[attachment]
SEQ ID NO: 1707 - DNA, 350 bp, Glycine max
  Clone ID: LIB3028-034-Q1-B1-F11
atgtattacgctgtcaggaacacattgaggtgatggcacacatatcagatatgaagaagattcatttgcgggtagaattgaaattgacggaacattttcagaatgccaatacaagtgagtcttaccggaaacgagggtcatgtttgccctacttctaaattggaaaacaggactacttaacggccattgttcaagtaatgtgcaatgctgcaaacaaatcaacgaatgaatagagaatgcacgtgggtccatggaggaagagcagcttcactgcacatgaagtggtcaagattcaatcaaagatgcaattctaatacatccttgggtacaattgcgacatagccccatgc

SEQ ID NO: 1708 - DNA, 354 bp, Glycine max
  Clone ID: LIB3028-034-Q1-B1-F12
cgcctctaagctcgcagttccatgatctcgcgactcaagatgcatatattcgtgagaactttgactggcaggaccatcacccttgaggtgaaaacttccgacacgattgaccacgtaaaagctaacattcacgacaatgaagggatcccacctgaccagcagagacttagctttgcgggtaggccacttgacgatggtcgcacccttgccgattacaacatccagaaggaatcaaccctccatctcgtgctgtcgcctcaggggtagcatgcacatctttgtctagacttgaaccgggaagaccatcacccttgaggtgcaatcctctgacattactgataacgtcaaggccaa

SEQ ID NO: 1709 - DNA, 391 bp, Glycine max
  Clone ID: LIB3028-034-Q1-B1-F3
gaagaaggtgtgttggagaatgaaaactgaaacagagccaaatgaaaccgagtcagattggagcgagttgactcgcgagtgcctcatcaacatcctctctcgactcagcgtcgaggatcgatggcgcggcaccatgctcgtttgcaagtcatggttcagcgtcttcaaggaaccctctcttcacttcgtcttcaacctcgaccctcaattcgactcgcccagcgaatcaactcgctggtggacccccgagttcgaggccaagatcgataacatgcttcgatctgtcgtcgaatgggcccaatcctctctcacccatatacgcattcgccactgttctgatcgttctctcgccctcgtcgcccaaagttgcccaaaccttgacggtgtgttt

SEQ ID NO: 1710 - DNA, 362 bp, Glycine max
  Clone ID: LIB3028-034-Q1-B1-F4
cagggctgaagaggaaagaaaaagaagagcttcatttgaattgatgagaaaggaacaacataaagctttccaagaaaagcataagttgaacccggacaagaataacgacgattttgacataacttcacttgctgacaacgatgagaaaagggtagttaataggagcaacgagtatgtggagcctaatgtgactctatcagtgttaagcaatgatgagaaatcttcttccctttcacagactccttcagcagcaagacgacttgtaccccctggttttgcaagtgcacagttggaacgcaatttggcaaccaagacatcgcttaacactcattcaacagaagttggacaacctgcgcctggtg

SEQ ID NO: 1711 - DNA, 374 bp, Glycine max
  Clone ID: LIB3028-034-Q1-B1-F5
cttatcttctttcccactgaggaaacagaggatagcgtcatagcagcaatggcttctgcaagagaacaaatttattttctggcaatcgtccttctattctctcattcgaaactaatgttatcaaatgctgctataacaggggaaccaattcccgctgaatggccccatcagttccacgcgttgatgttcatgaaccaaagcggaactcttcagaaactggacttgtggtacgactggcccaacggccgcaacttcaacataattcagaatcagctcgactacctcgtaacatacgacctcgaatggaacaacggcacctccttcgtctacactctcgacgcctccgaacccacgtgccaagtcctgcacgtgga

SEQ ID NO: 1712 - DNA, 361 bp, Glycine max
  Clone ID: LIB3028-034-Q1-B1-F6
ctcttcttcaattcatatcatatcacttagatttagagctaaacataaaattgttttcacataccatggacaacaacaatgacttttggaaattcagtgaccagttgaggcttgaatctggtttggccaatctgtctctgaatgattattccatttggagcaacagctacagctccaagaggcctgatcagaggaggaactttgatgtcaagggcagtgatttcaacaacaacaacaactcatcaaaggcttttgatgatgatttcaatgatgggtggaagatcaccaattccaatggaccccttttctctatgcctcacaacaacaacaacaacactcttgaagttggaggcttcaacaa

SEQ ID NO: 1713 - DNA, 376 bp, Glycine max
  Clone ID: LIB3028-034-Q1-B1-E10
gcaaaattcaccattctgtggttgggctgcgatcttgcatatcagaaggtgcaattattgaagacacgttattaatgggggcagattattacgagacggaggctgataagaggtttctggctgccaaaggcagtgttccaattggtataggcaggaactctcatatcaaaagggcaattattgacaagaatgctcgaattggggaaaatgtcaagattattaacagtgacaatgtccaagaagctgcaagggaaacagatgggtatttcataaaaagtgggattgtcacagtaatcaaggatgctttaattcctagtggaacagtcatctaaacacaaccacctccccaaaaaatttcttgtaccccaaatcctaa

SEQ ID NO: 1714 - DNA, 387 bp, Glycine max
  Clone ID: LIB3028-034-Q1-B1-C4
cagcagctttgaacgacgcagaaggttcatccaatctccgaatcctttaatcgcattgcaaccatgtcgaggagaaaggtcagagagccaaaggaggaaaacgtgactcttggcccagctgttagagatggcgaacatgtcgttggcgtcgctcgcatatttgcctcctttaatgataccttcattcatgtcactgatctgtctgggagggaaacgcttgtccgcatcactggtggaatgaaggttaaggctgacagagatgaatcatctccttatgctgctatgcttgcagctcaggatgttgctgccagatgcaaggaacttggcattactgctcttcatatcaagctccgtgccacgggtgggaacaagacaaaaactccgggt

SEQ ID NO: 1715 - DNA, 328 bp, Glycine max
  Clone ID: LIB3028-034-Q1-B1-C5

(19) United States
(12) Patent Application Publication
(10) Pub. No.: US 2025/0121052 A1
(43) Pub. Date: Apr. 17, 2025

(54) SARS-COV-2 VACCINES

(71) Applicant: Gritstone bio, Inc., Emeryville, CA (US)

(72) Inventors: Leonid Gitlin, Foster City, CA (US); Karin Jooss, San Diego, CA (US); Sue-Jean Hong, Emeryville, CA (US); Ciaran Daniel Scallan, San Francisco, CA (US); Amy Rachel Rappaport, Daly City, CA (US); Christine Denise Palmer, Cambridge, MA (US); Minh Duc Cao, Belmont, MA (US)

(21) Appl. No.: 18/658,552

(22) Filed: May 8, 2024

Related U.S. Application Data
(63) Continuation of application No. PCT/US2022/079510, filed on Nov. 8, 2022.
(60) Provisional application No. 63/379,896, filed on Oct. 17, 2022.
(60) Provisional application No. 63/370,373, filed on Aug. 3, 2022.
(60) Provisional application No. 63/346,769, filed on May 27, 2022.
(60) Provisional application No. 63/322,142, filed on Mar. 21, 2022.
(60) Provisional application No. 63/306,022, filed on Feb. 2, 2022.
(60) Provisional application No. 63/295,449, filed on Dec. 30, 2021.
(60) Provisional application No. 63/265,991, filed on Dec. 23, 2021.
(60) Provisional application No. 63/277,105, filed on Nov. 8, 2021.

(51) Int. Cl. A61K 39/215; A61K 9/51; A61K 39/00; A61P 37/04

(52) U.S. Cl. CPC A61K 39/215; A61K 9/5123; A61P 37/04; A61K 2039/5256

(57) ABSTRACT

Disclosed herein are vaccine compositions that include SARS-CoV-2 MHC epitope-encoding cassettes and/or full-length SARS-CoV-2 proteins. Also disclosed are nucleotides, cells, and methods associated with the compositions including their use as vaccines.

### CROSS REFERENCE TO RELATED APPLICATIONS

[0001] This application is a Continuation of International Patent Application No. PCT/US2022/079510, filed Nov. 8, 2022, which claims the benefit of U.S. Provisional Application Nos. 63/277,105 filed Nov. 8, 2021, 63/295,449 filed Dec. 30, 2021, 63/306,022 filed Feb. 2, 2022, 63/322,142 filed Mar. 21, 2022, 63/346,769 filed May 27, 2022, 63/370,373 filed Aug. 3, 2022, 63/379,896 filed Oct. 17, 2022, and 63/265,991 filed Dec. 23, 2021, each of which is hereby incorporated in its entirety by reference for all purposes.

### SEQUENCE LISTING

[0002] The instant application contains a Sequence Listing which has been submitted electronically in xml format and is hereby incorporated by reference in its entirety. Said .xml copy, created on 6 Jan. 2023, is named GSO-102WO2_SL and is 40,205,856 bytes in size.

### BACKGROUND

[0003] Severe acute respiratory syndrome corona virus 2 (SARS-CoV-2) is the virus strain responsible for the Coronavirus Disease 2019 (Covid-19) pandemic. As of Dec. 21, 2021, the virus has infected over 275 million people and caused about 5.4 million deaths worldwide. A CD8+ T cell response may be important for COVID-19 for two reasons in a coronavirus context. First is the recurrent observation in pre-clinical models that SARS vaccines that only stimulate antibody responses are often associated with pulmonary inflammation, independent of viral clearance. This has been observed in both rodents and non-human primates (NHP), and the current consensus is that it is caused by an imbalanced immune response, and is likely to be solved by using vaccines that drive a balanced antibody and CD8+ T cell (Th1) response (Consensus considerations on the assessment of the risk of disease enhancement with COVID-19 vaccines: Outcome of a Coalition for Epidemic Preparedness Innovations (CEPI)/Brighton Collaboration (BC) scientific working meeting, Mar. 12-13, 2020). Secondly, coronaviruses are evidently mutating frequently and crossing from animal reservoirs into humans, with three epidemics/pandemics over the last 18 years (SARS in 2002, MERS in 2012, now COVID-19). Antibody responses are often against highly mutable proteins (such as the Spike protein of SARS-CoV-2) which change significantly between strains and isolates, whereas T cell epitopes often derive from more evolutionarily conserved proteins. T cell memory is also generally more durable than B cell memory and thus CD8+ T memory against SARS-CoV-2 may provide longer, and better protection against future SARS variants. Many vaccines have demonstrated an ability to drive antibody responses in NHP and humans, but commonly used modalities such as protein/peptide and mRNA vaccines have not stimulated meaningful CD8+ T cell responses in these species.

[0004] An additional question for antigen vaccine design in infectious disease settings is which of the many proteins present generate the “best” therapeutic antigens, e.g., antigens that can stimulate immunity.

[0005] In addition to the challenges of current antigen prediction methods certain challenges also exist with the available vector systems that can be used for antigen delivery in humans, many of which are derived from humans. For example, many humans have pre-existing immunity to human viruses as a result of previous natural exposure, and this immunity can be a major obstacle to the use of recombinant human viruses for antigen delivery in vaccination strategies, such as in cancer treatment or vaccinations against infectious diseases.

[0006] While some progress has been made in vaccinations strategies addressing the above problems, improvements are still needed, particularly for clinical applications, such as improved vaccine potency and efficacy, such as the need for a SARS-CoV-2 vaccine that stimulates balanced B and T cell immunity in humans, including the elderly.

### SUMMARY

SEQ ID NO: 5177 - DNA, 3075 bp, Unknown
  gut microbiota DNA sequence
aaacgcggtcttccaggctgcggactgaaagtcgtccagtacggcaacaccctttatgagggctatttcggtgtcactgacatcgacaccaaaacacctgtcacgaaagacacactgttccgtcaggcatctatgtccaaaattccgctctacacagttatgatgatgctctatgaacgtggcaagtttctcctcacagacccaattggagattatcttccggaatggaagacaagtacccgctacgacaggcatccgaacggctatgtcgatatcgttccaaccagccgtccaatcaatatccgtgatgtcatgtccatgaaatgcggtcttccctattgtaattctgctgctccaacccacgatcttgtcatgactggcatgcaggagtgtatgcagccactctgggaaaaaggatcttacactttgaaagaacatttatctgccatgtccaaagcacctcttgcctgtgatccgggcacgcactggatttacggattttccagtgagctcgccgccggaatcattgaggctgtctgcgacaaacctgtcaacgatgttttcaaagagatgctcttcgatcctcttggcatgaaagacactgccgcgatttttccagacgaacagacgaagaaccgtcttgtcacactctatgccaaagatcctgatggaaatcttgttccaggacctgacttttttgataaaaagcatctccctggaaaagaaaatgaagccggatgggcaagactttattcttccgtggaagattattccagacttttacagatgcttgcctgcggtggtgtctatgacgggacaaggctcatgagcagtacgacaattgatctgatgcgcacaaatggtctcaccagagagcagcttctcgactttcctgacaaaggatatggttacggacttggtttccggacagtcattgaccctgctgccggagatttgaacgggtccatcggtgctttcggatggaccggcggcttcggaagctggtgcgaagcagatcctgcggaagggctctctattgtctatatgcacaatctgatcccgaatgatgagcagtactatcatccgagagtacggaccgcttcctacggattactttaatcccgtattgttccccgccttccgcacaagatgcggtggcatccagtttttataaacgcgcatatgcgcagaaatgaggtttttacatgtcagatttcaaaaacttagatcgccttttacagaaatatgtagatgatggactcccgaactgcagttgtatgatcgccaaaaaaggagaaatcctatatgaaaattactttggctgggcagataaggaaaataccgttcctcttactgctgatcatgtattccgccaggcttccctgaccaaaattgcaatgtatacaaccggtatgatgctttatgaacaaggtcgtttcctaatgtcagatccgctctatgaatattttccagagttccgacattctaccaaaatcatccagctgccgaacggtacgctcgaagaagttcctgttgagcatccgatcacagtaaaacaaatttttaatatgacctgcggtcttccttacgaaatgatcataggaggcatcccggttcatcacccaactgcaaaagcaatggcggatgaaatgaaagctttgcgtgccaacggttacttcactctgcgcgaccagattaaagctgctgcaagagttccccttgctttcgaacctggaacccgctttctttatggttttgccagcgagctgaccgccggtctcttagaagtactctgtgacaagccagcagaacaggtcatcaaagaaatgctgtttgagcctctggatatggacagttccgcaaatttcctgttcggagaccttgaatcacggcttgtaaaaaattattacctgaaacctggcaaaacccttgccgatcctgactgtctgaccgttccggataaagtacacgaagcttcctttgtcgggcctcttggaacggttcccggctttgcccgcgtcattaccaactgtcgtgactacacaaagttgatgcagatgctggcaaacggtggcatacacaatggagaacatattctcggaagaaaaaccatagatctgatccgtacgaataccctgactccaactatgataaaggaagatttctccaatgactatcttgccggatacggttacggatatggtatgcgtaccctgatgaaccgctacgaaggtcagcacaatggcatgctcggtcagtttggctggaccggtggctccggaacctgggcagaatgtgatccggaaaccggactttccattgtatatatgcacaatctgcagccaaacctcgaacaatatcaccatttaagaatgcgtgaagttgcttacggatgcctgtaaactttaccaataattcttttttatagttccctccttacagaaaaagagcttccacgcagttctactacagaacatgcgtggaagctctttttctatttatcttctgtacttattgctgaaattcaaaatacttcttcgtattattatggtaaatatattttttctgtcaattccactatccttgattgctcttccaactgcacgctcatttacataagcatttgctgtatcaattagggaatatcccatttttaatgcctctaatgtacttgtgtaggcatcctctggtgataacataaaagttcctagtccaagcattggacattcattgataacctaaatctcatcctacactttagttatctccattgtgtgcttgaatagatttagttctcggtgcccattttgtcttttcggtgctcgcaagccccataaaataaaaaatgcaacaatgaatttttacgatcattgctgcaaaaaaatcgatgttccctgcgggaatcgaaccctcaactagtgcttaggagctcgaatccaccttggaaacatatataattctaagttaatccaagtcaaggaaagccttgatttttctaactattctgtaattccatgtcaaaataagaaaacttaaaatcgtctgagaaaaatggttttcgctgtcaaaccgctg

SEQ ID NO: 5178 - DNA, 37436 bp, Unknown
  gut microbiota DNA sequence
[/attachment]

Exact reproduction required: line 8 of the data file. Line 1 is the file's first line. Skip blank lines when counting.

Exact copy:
  Clone ID: LIB3028-034-Q1-B1-F3